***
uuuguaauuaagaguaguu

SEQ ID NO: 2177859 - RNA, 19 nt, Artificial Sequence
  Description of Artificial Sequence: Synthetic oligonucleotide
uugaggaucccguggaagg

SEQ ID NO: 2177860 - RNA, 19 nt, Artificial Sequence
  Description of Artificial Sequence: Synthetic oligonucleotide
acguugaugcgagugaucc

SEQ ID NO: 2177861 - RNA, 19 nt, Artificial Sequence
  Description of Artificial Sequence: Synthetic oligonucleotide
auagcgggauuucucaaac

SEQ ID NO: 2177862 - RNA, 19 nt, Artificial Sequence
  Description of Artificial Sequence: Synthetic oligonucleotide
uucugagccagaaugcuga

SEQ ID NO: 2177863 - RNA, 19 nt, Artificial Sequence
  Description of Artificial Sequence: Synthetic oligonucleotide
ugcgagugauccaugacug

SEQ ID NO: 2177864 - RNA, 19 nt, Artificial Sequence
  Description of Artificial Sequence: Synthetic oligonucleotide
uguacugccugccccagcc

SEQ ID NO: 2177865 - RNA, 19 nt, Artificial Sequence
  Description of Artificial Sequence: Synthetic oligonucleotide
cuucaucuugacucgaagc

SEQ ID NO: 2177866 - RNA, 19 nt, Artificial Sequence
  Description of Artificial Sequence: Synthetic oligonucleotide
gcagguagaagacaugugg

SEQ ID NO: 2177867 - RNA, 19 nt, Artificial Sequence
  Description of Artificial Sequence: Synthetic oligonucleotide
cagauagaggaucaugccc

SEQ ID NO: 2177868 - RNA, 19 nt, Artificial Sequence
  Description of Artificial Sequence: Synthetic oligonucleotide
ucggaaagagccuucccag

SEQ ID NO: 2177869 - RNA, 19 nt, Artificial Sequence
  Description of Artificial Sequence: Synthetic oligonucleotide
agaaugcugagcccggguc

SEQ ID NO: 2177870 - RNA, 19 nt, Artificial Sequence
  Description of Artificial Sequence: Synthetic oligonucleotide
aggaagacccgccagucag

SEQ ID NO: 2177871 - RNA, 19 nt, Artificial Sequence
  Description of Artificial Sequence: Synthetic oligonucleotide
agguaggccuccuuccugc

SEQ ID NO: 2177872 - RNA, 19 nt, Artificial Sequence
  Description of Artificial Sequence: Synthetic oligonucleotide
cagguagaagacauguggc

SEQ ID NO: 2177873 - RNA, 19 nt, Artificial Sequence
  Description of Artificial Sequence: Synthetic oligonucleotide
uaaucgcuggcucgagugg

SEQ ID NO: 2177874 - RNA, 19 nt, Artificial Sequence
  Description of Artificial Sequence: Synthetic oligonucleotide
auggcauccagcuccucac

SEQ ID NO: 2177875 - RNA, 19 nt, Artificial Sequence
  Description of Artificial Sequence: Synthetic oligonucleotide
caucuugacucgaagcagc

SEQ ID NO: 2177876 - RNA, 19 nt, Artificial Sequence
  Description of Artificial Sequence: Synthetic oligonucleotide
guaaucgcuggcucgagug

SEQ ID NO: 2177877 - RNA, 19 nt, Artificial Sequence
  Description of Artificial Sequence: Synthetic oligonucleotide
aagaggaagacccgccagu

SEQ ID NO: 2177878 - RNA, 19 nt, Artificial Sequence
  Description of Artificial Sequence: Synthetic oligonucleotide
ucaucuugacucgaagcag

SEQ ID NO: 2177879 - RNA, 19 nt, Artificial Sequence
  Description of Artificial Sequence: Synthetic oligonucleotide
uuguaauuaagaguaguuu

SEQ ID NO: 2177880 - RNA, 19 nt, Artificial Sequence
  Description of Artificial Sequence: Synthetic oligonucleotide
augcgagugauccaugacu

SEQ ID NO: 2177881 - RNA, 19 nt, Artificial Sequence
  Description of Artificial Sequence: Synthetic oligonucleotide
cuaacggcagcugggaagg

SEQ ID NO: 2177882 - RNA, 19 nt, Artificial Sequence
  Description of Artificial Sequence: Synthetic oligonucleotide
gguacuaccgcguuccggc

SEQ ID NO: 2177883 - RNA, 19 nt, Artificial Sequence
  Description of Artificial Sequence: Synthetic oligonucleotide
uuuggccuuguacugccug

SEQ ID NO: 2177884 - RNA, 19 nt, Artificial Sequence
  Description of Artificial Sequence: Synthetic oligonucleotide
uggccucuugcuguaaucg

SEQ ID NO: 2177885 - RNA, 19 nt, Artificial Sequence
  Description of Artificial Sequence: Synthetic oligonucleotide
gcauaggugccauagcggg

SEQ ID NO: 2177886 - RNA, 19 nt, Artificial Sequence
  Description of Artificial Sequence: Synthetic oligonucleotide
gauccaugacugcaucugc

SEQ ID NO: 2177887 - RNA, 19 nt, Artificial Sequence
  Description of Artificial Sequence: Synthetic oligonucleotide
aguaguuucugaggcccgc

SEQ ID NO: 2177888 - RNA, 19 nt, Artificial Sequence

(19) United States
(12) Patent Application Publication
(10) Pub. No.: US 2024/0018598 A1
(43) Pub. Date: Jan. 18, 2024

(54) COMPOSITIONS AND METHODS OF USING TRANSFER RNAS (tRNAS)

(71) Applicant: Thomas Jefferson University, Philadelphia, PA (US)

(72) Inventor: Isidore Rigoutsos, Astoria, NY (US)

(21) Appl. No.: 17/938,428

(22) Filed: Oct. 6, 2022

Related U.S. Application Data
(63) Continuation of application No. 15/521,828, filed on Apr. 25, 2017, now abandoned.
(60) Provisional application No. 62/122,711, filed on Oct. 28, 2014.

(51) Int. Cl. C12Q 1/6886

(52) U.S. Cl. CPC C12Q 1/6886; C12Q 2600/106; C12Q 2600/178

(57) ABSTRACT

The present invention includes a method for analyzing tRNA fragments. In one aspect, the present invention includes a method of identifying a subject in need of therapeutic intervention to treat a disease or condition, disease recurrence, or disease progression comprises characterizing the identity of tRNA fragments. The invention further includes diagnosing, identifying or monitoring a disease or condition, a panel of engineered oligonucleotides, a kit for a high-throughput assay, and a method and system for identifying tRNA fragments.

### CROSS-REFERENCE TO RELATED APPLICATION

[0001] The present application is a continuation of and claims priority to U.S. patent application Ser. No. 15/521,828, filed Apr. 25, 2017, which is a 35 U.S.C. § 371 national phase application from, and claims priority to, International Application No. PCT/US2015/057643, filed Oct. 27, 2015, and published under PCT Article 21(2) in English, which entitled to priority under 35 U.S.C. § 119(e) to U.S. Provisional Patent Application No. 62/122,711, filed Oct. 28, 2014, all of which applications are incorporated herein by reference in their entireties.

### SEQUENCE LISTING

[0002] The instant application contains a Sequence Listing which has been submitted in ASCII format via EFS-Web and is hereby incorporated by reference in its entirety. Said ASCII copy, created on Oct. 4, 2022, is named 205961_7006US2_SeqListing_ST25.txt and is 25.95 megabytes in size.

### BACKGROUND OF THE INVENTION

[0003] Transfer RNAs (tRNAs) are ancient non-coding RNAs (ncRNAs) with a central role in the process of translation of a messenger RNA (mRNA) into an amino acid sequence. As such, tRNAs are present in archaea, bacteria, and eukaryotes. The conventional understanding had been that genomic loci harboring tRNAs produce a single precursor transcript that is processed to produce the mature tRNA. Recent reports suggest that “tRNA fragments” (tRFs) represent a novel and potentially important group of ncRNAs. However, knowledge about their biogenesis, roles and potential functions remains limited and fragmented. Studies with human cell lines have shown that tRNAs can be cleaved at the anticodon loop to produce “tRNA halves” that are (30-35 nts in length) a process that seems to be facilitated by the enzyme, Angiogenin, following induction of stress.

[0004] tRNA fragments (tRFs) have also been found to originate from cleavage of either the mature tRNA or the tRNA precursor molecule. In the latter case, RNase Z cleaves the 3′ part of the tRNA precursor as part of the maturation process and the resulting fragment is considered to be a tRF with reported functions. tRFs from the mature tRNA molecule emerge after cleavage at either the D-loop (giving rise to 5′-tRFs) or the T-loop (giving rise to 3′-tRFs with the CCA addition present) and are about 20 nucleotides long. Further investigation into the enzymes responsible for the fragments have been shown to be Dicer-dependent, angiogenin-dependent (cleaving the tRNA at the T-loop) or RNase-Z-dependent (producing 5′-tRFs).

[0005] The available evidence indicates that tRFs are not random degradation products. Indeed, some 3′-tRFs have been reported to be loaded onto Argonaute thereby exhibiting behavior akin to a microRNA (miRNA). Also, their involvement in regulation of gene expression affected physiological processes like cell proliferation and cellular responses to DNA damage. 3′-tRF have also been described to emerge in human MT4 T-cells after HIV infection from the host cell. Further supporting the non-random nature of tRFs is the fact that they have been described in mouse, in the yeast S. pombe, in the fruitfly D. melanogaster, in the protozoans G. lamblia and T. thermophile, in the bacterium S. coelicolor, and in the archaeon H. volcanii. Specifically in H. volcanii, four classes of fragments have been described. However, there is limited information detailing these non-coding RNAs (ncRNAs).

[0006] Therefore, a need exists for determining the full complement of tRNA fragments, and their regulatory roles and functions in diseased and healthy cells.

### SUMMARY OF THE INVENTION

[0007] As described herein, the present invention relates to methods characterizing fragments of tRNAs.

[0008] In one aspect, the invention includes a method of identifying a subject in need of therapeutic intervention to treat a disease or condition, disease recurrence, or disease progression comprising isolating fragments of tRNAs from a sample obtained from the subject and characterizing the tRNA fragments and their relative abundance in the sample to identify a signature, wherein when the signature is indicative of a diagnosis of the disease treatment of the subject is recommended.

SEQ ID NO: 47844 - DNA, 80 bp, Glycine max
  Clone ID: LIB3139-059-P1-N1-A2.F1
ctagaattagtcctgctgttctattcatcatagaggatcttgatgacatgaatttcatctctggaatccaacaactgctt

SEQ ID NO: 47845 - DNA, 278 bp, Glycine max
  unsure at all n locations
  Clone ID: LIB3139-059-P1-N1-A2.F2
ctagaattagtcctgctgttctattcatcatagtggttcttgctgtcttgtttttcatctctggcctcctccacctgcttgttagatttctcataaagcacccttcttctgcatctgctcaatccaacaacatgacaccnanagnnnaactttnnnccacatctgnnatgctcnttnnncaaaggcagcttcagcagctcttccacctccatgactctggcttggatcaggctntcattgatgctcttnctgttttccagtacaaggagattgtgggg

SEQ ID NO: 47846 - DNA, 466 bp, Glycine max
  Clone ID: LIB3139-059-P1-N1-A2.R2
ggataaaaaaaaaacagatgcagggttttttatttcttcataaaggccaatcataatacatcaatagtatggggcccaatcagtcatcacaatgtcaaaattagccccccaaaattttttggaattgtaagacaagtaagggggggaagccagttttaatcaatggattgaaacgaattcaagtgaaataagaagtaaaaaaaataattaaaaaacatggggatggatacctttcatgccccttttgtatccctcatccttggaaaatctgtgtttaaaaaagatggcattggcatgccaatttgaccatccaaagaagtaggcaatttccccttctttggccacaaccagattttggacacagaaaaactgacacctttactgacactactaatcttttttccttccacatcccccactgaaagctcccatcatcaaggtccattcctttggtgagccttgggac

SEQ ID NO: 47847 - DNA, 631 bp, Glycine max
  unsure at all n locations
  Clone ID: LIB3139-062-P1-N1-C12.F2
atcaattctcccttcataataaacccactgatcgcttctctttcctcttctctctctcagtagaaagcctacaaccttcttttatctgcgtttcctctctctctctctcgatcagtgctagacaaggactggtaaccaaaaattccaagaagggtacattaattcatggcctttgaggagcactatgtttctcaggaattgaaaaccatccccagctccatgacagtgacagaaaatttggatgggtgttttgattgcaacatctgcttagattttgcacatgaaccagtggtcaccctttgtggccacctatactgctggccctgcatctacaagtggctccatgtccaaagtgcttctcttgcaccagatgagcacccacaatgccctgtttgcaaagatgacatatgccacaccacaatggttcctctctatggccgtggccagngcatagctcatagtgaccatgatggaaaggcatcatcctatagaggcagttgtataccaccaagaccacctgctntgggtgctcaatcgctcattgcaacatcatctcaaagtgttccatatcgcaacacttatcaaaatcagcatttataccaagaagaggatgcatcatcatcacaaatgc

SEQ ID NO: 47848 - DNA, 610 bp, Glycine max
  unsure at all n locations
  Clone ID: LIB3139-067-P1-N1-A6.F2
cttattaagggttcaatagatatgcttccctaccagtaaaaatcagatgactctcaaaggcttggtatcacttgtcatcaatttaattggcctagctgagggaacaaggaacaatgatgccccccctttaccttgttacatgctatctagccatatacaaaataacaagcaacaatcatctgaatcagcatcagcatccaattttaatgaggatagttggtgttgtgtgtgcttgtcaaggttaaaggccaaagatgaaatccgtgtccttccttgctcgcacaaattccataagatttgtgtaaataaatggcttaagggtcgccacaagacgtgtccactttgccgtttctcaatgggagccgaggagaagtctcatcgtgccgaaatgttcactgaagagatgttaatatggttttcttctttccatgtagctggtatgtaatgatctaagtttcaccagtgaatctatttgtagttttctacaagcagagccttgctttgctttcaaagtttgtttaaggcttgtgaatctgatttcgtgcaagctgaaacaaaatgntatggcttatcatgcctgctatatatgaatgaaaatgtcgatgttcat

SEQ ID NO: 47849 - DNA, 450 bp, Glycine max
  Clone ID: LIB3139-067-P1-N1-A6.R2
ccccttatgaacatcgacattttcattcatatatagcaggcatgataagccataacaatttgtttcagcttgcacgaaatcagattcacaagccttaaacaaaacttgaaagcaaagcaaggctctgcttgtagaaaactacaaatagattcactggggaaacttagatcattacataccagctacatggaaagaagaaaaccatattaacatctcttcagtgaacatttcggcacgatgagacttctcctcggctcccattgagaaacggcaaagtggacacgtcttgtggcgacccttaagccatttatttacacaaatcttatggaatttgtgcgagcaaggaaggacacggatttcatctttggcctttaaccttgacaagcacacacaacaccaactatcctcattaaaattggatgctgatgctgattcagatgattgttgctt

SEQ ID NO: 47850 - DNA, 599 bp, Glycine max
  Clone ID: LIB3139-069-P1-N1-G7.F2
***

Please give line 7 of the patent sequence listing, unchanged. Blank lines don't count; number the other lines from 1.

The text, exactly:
acguugaugcgagugaucc